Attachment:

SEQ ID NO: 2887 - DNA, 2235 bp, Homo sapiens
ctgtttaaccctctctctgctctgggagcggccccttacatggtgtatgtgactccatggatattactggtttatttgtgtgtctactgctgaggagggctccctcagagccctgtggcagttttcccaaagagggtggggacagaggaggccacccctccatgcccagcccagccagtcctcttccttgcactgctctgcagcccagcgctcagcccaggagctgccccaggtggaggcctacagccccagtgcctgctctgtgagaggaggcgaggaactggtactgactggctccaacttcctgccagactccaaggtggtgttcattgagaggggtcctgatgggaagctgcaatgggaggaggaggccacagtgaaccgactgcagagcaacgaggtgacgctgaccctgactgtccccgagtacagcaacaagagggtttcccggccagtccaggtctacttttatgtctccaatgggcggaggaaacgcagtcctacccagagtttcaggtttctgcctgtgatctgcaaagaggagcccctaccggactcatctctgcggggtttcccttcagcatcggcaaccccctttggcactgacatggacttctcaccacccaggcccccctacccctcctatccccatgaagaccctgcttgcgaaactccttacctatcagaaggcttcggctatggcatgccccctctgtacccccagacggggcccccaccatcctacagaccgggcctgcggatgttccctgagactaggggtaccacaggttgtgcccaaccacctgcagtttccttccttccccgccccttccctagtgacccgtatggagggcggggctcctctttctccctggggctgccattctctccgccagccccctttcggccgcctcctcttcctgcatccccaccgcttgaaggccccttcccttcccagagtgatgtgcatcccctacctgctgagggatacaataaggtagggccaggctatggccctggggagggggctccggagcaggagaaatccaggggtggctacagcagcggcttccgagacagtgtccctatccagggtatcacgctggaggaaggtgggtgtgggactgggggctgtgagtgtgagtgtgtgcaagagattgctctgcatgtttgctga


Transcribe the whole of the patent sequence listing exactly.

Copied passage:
SEQ ID NO: 2887 - DNA, 2235 bp, Homo sapiens
ctgtttaaccctctctctgctctgggagcggccccttacatggtgtatgtgactccatggatattactggtttatttgtgtgtctactgctgaggagggctccctcagagccctgtggcagttttcccaaagagggtggggacagaggaggccacccctccatgcccagcccagccagtcctcttccttgcactgctctgcagcccagcgctcagcccaggagctgccccaggtggaggcctacagccccagtgcctgctctgtgagaggaggcgaggaactggtactgactggctccaacttcctgccagactccaaggtggtgttcattgagaggggtcctgatgggaagctgcaatgggaggaggaggccacagtgaaccgactgcagagcaacgaggtgacgctgaccctgactgtccccgagtacagcaacaagagggtttcccggccagtccaggtctacttttatgtctccaatgggcggaggaaacgcagtcctacccagagtttcaggtttctgcctgtgatctgcaaagaggagcccctaccggactcatctctgcggggtttcccttcagcatcggcaaccccctttggcactgacatggacttctcaccacccaggcccccctacccctcctatccccatgaagaccctgcttgcgaaactccttacctatcagaaggcttcggctatggcatgccccctctgtacccccagacggggcccccaccatcctacagaccgggcctgcggatgttccctgagactaggggtaccacaggttgtgcccaaccacctgcagtttccttccttccccgccccttccctagtgacccgtatggagggcggggctcctctttctccctggggctgccattctctccgccagccccctttcggccgcctcctcttcctgcatccccaccgcttgaaggccccttcccttcccagagtgatgtgcatcccctacctgctgagggatacaataaggtagggccaggctatggccctggggagggggctccggagcaggagaaatccaggggtggctacagcagcggcttccgagacagtgtccctatccagggtatcacgctggaggaaggtgggtgtgggactgggggctgtgagtgtgagtgtgtgcaagagattgctctgcatgtttgctga